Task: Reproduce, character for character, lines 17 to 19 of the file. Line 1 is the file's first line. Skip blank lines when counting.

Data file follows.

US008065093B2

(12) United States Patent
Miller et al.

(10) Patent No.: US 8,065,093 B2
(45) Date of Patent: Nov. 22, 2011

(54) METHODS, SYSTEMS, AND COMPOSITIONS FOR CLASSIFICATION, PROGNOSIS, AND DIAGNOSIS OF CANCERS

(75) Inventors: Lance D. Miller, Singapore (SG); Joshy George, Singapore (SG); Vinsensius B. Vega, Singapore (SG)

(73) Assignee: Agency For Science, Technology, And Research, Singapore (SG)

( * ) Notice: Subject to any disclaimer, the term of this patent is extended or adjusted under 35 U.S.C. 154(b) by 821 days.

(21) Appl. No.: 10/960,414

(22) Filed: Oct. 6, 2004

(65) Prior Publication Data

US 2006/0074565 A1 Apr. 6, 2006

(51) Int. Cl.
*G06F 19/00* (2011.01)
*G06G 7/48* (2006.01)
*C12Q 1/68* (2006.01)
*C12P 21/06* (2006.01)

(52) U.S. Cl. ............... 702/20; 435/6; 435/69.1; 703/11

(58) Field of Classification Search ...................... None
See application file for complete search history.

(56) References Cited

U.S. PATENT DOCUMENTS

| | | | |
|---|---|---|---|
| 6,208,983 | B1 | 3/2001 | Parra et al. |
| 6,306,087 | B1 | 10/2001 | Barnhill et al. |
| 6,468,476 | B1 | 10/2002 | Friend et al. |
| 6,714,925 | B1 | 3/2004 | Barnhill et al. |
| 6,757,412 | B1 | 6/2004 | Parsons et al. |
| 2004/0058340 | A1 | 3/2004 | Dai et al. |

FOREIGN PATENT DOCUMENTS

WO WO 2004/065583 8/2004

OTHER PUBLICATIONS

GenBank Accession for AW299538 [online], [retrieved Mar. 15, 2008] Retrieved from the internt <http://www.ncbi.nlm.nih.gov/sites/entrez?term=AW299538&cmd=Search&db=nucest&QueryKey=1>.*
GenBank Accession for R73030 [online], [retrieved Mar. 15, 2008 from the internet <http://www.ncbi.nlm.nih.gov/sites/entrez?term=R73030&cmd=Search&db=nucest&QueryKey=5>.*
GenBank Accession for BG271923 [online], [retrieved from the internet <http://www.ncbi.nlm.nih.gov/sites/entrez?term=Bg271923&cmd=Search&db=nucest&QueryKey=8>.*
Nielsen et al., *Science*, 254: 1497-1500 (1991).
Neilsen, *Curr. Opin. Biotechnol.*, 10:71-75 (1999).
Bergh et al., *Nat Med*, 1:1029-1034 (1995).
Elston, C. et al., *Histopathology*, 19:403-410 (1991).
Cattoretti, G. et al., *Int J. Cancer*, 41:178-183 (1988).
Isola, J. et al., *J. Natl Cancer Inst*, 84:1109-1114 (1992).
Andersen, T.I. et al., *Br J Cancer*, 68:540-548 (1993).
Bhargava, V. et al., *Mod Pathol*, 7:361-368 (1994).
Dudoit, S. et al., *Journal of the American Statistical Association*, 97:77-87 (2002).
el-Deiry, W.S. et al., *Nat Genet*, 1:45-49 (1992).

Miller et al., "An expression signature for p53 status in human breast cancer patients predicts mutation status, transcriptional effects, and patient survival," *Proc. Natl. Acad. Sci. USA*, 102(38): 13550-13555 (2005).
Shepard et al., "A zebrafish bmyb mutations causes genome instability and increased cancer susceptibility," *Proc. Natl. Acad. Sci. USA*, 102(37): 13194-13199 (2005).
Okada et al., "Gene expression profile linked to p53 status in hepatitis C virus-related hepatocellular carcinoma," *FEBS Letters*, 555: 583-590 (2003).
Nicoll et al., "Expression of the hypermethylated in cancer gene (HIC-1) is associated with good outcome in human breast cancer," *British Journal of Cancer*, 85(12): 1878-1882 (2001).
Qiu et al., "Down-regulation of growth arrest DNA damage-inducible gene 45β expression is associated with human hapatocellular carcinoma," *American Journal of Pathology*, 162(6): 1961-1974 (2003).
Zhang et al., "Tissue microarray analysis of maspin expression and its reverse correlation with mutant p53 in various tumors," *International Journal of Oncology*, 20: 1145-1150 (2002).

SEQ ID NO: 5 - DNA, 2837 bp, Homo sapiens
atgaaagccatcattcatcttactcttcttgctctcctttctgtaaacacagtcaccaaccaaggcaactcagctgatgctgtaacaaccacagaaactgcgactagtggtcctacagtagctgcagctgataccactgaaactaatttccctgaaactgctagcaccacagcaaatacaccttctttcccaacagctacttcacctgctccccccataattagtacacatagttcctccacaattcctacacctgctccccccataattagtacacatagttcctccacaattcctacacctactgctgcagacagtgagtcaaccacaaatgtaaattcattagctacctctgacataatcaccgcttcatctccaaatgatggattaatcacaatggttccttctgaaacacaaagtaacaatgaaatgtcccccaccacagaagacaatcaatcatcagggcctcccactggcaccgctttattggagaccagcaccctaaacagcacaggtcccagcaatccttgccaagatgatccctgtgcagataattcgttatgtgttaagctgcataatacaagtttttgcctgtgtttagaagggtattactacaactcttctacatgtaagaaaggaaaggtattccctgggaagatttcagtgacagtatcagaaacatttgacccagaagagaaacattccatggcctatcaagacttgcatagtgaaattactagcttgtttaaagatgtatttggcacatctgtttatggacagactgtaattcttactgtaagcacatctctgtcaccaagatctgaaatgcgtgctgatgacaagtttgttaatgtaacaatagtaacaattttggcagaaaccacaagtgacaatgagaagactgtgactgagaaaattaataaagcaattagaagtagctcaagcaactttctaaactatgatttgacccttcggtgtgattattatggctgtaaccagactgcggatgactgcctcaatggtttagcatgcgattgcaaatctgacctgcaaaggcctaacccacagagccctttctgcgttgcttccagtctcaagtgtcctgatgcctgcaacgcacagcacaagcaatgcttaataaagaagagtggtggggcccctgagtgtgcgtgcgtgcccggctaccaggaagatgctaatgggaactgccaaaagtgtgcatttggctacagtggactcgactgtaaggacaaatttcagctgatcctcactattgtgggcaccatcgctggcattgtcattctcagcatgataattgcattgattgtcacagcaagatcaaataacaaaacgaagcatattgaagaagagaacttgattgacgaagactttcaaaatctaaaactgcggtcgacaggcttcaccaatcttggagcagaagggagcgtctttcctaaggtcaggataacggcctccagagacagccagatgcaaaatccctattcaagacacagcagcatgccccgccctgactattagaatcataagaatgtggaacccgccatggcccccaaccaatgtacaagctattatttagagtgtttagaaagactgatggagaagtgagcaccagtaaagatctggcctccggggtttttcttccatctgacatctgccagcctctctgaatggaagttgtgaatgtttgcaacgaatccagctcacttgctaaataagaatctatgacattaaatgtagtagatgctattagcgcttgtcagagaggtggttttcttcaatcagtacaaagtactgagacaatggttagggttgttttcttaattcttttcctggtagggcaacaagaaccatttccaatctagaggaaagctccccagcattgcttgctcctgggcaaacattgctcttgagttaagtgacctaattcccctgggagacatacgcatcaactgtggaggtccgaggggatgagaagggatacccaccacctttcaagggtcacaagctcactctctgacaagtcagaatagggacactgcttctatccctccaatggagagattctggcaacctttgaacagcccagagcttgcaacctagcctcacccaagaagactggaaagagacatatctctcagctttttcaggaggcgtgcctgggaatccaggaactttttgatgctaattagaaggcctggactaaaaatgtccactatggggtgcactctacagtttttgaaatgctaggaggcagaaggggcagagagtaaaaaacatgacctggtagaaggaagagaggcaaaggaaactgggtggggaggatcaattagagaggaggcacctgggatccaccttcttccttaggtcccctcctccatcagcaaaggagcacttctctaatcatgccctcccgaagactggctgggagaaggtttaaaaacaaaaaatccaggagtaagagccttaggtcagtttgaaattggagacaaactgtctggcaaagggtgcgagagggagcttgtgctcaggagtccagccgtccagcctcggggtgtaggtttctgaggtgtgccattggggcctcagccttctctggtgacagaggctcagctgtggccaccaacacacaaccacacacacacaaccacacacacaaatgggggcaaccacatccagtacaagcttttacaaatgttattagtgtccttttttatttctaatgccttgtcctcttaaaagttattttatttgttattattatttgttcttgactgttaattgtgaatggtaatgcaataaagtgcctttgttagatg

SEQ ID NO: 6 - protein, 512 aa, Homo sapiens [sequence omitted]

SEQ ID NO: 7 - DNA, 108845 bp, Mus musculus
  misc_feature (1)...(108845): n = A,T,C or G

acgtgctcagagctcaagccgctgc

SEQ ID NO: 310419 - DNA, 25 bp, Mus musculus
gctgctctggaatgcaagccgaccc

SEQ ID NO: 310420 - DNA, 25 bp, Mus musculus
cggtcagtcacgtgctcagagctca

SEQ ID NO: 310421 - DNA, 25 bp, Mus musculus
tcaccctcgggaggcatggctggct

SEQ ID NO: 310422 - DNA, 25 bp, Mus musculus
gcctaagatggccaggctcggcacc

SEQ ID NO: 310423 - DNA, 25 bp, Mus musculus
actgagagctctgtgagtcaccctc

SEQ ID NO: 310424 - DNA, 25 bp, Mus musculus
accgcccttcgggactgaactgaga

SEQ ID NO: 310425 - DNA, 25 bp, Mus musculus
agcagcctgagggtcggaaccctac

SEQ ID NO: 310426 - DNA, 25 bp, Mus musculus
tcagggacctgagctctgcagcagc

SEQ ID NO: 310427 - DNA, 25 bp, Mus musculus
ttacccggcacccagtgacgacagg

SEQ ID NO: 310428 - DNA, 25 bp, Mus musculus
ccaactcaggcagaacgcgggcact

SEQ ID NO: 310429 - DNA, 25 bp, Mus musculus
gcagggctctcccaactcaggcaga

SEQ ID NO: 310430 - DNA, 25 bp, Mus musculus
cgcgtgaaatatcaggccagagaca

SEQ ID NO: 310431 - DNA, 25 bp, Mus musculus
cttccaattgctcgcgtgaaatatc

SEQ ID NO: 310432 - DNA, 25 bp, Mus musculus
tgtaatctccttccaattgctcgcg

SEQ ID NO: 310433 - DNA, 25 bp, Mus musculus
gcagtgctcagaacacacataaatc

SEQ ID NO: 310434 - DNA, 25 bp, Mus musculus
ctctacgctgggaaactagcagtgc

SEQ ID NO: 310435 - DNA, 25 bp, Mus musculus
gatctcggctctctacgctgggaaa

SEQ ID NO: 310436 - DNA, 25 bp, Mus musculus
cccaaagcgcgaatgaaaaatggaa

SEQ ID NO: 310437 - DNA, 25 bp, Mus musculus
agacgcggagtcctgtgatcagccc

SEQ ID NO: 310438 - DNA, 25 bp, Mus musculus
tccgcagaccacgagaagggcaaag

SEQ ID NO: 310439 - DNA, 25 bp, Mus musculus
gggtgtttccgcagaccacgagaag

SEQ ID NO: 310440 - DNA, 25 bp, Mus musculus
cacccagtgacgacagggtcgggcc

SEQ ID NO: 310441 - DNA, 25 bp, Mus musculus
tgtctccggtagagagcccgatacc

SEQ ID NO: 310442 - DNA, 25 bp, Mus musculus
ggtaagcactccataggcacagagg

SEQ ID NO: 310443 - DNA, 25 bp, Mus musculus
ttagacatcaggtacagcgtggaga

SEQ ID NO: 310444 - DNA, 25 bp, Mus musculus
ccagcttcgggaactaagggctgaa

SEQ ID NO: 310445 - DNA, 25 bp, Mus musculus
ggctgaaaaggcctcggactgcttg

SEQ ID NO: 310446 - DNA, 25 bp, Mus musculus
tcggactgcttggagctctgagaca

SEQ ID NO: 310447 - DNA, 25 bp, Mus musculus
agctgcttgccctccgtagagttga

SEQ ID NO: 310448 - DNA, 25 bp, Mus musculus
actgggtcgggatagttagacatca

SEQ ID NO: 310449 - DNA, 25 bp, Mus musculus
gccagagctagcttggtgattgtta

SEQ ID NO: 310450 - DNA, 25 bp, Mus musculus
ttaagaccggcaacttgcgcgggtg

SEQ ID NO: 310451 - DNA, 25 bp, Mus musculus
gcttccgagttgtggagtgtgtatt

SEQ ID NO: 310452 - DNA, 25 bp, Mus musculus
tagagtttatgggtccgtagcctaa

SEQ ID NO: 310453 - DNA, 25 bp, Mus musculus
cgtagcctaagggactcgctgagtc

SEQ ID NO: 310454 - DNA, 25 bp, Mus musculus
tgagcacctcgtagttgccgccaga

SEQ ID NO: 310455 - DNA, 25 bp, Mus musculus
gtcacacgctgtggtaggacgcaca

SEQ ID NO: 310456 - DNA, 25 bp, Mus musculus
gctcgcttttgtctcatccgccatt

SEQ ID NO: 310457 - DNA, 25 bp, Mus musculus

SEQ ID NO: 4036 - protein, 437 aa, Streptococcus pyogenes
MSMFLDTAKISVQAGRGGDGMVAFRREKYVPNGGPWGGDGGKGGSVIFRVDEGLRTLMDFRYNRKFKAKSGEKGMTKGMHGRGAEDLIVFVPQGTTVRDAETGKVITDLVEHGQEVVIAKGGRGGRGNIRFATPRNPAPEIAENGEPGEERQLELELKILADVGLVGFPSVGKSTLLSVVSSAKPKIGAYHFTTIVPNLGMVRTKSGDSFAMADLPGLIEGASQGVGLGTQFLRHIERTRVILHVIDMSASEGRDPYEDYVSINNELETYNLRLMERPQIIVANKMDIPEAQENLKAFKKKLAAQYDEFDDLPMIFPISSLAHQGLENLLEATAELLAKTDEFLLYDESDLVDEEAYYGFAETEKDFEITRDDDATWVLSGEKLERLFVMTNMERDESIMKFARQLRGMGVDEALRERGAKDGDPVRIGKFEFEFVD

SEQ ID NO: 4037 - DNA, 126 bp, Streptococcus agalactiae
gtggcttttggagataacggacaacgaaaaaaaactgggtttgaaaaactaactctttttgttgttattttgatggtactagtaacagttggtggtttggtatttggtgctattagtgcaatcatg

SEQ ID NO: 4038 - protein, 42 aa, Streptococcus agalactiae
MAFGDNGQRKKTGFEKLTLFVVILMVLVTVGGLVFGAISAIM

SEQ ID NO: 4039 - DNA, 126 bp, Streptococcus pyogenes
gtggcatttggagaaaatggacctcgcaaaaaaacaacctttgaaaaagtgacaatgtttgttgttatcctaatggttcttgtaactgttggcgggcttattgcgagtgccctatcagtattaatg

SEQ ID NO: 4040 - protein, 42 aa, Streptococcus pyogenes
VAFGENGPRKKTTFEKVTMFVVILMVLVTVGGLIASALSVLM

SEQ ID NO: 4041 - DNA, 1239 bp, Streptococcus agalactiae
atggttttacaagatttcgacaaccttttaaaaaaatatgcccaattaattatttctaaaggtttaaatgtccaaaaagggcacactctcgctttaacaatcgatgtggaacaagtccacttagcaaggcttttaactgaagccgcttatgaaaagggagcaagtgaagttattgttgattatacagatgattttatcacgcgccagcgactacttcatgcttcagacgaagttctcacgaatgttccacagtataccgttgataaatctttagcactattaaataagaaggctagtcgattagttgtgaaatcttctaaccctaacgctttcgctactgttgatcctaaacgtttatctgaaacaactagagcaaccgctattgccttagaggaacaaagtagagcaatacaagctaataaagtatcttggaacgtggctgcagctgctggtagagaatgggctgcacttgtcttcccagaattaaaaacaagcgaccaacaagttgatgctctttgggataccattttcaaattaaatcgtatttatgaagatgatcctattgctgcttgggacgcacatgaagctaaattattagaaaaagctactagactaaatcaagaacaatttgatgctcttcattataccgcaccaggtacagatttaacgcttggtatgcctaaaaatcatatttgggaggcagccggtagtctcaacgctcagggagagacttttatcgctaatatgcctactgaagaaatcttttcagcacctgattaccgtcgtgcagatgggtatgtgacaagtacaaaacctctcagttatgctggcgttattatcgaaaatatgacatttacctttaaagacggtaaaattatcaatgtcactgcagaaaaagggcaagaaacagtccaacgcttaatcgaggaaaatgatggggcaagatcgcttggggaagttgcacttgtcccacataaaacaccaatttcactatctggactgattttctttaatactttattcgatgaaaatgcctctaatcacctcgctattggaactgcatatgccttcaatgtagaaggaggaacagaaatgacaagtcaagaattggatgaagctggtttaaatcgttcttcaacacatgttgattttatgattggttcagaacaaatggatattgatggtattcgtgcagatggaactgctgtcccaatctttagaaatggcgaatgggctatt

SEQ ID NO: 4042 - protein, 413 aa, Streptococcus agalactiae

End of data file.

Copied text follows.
*C12Q 1/68* (2006.01)
*C12P 21/06* (2006.01)

(52) U.S. Cl. ............... 702/20; 435/6; 435/69.1; 703/11